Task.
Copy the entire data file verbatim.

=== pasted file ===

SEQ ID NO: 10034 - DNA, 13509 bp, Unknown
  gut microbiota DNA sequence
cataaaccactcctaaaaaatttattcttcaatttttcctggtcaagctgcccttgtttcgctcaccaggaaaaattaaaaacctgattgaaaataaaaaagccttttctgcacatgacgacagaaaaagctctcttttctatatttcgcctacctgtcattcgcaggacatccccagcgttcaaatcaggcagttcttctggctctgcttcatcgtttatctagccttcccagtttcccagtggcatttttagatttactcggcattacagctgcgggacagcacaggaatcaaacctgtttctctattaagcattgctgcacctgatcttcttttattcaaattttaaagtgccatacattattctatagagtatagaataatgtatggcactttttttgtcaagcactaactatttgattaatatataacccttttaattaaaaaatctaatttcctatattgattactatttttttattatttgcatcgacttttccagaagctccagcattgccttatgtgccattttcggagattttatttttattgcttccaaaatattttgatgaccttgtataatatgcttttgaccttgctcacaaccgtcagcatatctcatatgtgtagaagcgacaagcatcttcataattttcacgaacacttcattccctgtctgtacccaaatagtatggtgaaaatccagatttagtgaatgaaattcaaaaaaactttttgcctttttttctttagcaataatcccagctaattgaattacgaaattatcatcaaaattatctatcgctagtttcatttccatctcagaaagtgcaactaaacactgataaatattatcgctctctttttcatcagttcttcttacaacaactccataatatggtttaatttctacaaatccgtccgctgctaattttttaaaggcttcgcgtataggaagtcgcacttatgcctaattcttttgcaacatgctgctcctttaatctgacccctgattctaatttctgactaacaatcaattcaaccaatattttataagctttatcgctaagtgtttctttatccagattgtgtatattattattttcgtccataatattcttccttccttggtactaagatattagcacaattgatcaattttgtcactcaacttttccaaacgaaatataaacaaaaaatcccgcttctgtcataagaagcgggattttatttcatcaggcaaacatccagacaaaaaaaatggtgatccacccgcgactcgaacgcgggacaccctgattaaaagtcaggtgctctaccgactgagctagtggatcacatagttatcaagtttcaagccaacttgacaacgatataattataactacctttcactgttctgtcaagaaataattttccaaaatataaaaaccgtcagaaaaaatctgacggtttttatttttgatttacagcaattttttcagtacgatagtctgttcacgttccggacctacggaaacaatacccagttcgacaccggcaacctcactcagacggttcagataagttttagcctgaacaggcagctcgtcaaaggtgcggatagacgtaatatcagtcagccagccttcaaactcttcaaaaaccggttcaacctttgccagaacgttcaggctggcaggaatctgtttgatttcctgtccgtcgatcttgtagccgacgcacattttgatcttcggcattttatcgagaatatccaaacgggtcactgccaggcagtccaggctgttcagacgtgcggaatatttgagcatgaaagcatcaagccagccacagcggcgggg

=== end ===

SEQ ID NO: 10034 - DNA, 13509 bp, Unknown
  gut microbiota DNA sequence
cataaaccactcctaaaaaatttattcttcaatttttcctggtcaagctgcccttgtttcgctcaccaggaaaaattaaaaacctgattgaaaataaaaaagccttttctgcacatgacgacagaaaaagctctcttttctatatttcgcctacctgtcattcgcaggacatccccagcgttcaaatcaggcagttcttctggctctgcttcatcgtttatctagccttcccagtttcccagtggcatttttagatttactcggcattacagctgcgggacagcacaggaatcaaacctgtttctctattaagcattgctgcacctgatcttcttttattcaaattttaaagtgccatacattattctatagagtatagaataatgtatggcactttttttgtcaagcactaactatttgattaatatataacccttttaattaaaaaatctaatttcctatattgattactatttttttattatttgcatcgacttttccagaagctccagcattgccttatgtgccattttcggagattttatttttattgcttccaaaatattttgatgaccttgtataatatgcttttgaccttgctcacaaccgtcagcatatctcatatgtgtagaagcgacaagcatcttcataattttcacgaacacttcattccctgtctgtacccaaatagtatggtgaaaatccagatttagtgaatgaaattcaaaaaaactttttgcctttttttctttagcaataatcccagctaattgaattacgaaattatcatcaaaattatctatcgctagtttcatttccatctcagaaagtgcaactaaacactgataaatattatcgctctctttttcatcagttcttcttacaacaactccataatatggtttaatttctacaaatccgtccgctgctaattttttaaaggcttcgcgtataggaagtcgcacttatgcctaattcttttgcaacatgctgctcctttaatctgacccctgattctaatttctgactaacaatcaattcaaccaatattttataagctttatcgctaagtgtttctttatccagattgtgtatattattattttcgtccataatattcttccttccttggtactaagatattagcacaattgatcaattttgtcactcaacttttccaaacgaaatataaacaaaaaatcccgcttctgtcataagaagcgggattttatttcatcaggcaaacatccagacaaaaaaaatggtgatccacccgcgactcgaacgcgggacaccctgattaaaagtcaggtgctctaccgactgagctagtggatcacatagttatcaagtttcaagccaacttgacaacgatataattataactacctttcactgttctgtcaagaaataattttccaaaatataaaaaccgtcagaaaaaatctgacggtttttatttttgatttacagcaattttttcagtacgatagtctgttcacgttccggacctacggaaacaatacccagttcgacaccggcaacctcactcagacggttcagataagttttagcctgaacaggcagctcgtcaaaggtgcggatagacgtaatatcagtcagccagccttcaaactcttcaaaaaccggttcaacctttgccagaacgttcaggctggcaggaatctgtttgatttcctgtccgtcgatcttgtagccgacgcacattttgatcttcggcattttatcgagaatatccaaacgggtcactgccaggcagtccaggctgttcagacgtgcggaatatttgagcatgaaagcatcaagccagccacagcggcgggg